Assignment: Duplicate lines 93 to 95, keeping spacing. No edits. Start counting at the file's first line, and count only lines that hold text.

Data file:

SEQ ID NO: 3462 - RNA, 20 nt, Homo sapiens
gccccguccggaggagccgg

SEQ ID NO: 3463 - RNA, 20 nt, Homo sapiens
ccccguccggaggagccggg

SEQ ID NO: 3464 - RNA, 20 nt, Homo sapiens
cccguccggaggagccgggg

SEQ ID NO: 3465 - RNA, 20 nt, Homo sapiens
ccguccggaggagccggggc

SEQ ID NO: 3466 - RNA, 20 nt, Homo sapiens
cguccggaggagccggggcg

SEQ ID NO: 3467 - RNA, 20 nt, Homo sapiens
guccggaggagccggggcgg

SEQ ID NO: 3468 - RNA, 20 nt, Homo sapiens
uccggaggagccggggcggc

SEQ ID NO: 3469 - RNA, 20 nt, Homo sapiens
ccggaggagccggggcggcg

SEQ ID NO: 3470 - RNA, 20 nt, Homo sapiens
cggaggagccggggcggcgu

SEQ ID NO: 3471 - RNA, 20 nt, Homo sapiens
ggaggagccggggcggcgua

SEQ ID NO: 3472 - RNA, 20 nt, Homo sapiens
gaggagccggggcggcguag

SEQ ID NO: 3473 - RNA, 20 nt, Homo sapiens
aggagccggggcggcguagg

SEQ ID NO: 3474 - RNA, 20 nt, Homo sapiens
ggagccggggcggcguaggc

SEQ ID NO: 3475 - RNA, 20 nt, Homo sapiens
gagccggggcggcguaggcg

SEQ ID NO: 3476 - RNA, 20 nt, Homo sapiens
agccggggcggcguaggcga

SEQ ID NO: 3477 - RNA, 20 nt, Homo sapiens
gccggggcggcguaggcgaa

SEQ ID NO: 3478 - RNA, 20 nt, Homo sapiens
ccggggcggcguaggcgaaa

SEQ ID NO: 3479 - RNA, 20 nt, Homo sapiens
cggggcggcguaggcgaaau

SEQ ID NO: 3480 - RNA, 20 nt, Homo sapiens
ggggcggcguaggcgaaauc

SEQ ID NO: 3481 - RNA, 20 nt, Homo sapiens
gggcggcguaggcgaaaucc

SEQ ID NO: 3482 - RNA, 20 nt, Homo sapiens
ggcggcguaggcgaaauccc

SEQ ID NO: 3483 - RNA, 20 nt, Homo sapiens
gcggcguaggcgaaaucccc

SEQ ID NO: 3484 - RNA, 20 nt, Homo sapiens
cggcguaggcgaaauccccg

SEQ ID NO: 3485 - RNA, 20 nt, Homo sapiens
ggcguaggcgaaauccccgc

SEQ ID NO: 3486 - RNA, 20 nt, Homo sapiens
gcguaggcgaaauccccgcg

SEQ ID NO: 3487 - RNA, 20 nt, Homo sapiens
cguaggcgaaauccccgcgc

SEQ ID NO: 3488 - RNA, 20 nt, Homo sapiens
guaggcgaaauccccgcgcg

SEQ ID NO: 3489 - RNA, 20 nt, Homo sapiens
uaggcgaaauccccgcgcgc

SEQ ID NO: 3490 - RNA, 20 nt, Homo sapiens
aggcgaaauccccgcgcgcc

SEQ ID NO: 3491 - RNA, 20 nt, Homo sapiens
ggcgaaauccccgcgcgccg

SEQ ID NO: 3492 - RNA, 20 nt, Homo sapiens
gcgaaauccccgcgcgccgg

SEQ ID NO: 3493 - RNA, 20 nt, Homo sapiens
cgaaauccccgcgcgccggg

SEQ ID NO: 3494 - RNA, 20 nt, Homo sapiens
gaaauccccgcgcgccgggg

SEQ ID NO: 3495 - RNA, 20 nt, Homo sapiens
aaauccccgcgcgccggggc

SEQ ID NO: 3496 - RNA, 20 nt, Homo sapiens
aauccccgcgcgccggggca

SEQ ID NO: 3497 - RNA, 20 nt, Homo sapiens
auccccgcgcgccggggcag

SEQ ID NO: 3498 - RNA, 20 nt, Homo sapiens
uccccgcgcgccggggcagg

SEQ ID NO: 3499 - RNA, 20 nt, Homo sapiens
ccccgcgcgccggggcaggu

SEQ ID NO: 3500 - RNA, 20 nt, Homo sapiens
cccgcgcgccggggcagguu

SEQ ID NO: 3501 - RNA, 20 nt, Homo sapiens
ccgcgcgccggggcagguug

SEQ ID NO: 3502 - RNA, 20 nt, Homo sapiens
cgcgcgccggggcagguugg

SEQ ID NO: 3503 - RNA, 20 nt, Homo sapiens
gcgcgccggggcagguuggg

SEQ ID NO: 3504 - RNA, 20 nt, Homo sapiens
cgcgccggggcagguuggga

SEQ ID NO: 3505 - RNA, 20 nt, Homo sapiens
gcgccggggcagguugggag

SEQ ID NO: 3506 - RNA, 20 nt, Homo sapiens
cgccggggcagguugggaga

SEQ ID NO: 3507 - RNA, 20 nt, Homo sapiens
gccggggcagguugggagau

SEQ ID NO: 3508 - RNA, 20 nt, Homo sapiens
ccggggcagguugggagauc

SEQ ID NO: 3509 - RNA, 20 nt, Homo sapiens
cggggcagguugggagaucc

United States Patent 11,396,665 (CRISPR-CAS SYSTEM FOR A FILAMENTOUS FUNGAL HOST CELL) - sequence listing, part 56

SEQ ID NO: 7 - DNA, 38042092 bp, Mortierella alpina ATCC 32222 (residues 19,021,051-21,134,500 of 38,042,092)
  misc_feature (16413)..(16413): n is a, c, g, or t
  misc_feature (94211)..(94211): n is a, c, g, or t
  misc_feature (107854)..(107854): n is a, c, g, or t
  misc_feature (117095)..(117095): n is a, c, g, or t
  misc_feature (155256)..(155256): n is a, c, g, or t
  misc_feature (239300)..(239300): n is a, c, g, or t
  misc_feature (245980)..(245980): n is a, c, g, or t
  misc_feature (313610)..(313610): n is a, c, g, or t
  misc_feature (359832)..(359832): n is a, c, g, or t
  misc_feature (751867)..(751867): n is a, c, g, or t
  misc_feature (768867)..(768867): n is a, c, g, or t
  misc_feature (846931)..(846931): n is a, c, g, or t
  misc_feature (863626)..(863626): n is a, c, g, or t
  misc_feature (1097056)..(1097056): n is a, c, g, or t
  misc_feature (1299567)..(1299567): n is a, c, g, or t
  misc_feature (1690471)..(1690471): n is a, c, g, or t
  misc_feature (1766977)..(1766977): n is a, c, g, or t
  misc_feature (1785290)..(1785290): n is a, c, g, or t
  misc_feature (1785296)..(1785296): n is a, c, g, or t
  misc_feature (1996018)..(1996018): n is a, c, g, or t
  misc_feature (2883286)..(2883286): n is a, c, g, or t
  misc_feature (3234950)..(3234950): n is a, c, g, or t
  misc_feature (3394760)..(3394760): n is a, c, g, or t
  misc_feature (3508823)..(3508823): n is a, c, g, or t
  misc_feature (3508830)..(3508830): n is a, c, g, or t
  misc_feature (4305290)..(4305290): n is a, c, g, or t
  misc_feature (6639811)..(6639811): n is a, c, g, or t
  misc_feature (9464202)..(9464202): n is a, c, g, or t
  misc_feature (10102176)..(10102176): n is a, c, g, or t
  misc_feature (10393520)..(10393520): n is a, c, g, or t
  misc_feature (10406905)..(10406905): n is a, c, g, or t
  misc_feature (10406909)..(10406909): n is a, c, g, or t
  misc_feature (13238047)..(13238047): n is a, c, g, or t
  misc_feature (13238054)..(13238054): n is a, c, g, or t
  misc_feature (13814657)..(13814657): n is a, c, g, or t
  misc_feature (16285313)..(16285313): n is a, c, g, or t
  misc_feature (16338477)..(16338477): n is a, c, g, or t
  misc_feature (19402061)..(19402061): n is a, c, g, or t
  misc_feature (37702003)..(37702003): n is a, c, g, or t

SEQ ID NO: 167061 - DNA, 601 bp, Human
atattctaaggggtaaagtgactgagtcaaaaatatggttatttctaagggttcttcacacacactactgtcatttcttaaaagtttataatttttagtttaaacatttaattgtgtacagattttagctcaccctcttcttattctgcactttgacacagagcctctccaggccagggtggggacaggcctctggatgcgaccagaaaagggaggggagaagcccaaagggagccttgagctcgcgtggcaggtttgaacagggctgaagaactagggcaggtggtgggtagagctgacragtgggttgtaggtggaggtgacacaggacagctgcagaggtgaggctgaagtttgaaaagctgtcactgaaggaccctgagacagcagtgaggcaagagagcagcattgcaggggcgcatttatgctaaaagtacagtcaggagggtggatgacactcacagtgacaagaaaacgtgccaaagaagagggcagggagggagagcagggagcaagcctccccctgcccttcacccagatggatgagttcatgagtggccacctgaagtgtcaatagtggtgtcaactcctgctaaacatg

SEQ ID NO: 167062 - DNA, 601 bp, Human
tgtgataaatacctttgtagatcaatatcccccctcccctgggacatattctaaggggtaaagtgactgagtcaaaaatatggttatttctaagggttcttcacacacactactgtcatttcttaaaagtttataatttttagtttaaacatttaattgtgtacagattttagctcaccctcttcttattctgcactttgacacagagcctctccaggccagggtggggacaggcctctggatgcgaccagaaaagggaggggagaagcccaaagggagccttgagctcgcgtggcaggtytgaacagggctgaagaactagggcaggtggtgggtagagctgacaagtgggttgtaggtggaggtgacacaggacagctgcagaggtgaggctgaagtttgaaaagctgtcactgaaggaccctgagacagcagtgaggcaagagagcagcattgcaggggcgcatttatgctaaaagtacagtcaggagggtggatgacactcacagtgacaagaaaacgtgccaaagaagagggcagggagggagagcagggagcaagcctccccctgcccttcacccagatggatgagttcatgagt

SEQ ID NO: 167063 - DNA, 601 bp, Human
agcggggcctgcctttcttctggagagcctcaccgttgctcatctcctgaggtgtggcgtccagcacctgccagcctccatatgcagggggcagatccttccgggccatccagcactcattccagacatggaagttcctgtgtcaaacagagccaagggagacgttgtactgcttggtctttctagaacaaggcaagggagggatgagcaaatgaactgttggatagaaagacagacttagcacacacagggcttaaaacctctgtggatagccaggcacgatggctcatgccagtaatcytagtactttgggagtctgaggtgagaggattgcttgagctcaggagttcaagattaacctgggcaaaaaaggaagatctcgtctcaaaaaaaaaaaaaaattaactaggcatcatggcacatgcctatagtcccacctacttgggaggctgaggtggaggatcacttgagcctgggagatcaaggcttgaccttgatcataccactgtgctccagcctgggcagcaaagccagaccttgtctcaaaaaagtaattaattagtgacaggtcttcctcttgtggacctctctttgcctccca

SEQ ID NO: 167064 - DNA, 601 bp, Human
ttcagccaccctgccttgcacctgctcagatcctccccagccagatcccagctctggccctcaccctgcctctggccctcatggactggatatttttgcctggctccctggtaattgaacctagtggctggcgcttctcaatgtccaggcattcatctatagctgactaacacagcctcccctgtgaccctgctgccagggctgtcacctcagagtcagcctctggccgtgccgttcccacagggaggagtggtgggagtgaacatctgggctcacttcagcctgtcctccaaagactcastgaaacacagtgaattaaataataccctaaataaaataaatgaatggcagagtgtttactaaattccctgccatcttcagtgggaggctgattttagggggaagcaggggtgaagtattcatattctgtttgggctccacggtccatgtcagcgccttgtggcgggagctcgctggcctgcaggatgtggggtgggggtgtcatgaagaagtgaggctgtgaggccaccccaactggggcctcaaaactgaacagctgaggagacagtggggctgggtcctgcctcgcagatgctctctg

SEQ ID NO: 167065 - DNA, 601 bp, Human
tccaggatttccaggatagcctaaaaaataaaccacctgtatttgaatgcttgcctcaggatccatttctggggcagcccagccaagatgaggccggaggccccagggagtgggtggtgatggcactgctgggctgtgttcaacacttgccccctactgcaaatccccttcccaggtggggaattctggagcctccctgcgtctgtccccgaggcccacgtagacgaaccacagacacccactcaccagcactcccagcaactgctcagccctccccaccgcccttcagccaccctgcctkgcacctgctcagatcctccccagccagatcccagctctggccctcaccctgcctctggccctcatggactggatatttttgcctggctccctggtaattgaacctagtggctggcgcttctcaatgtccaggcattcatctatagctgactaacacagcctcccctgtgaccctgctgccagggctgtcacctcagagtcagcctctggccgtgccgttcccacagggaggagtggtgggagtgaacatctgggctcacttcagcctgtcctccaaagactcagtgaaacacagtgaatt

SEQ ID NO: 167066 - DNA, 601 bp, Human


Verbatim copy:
SEQ ID NO: 3508 - RNA, 20 nt, Homo sapiens
ccggggcagguugggagauc

SEQ ID NO: 3509 - RNA, 20 nt, Homo sapiens